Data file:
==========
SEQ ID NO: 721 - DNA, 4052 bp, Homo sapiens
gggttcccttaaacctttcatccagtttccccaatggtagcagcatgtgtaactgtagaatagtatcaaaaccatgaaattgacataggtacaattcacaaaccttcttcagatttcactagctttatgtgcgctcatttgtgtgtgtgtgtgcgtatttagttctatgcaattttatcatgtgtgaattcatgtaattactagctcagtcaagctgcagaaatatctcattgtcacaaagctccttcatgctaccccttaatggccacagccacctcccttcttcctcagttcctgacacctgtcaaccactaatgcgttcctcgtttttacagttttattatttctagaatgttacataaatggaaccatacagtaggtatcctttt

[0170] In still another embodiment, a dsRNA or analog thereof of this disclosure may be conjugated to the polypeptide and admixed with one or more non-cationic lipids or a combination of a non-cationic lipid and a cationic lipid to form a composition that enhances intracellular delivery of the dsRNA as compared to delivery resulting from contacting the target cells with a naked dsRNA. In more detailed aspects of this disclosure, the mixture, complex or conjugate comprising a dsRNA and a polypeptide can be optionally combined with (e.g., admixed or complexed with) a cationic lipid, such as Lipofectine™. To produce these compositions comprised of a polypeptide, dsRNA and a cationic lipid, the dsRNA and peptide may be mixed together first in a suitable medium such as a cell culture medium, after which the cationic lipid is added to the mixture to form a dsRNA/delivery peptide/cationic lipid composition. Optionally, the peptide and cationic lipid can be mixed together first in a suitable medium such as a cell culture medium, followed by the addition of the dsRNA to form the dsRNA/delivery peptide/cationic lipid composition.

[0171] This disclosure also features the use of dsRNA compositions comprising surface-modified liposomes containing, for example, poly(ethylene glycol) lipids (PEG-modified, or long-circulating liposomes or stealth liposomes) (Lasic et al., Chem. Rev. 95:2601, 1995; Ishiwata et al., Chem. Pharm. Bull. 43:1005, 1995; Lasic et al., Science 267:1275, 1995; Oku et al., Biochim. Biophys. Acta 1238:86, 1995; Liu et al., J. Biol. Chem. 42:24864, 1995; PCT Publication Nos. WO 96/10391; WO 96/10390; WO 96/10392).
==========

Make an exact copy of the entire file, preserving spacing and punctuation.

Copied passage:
SEQ ID NO: 721 - DNA, 4052 bp, Homo sapiens
gggttcccttaaacctttcatccagtttccccaatggtagcagcatgtgtaactgtagaatagtatcaaaaccatgaaattgacataggtacaattcacaaaccttcttcagatttcactagctttatgtgcgctcatttgtgtgtgtgtgtgcgtatttagttctatgcaattttatcatgtgtgaattcatgtaattactagctcagtcaagctgcagaaatatctcattgtcacaaagctccttcatgctaccccttaatggccacagccacctcccttcttcctcagttcctgacacctgtcaaccactaatgcgttcctcgtttttacagttttattatttctagaatgttacataaatggaaccatacagtaggtatcctttt

[0170] In still another embodiment, a dsRNA or analog thereof of this disclosure may be conjugated to the polypeptide and admixed with one or more non-cationic lipids or a combination of a non-cationic lipid and a cationic lipid to form a composition that enhances intracellular delivery of the dsRNA as compared to delivery resulting from contacting the target cells with a naked dsRNA. In more detailed aspects of this disclosure, the mixture, complex or conjugate comprising a dsRNA and a polypeptide can be optionally combined with (e.g., admixed or complexed with) a cationic lipid, such as Lipofectine™. To produce these compositions comprised of a polypeptide, dsRNA and a cationic lipid, the dsRNA and peptide may be mixed together first in a suitable medium such as a cell culture medium, after which the cationic lipid is added to the mixture to form a dsRNA/delivery peptide/cationic lipid composition. Optionally, the peptide and cationic lipid can be mixed together first in a suitable medium such as a cell culture medium, followed by the addition of the dsRNA to form the dsRNA/delivery peptide/cationic lipid composition.

[0171] This disclosure also features the use of dsRNA compositions comprising surface-modified liposomes containing, for example, poly(ethylene glycol) lipids (PEG-modified, or long-circulating liposomes or stealth liposomes) (Lasic et al., Chem. Rev. 95:2601, 1995; Ishiwata et al., Chem. Pharm. Bull. 43:1005, 1995; Lasic et al., Science 267:1275, 1995; Oku et al., Biochim. Biophys. Acta 1238:86, 1995; Liu et al., J. Biol. Chem. 42:24864, 1995; PCT Publication Nos. WO 96/10391; WO 96/10390; WO 96/10392).